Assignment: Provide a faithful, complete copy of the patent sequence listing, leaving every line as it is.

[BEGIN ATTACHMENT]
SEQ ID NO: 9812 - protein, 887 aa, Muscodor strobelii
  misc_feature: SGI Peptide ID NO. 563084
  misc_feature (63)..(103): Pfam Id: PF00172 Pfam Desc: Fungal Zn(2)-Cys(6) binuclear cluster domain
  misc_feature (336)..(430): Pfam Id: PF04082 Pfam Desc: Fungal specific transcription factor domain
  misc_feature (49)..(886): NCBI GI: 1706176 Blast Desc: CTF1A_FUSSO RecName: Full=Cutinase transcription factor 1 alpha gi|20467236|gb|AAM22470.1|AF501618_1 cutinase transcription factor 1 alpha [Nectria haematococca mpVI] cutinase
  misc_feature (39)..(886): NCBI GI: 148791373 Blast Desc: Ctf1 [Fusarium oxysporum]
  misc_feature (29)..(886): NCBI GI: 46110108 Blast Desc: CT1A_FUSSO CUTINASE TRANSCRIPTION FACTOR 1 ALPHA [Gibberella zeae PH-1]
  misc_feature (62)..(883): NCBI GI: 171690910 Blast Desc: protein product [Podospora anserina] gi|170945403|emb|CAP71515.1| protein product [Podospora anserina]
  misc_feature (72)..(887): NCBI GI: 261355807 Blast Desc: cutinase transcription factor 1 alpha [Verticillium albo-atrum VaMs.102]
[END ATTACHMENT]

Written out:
SEQ ID NO: 9812 - protein, 887 aa, Muscodor strobelii
  misc_feature: SGI Peptide ID NO. 563084
  misc_feature (63)..(103): Pfam Id: PF00172 Pfam Desc: Fungal Zn(2)-Cys(6) binuclear cluster domain
  misc_feature (336)..(430): Pfam Id: PF04082 Pfam Desc: Fungal specific transcription factor domain
  misc_feature (49)..(886): NCBI GI: 1706176 Blast Desc: CTF1A_FUSSO RecName: Full=Cutinase transcription factor 1 alpha gi|20467236|gb|AAM22470.1|AF501618_1 cutinase transcription factor 1 alpha [Nectria haematococca mpVI] cutinase
  misc_feature (39)..(886): NCBI GI: 148791373 Blast Desc: Ctf1 [Fusarium oxysporum]
  misc_feature (29)..(886): NCBI GI: 46110108 Blast Desc: CT1A_FUSSO CUTINASE TRANSCRIPTION FACTOR 1 ALPHA [Gibberella zeae PH-1]
  misc_feature (62)..(883): NCBI GI: 171690910 Blast Desc: protein product [Podospora anserina] gi|170945403|emb|CAP71515.1| protein product [Podospora anserina]
  misc_feature (72)..(887): NCBI GI: 261355807 Blast Desc: cutinase transcription factor 1 alpha [Verticillium albo-atrum VaMs.102]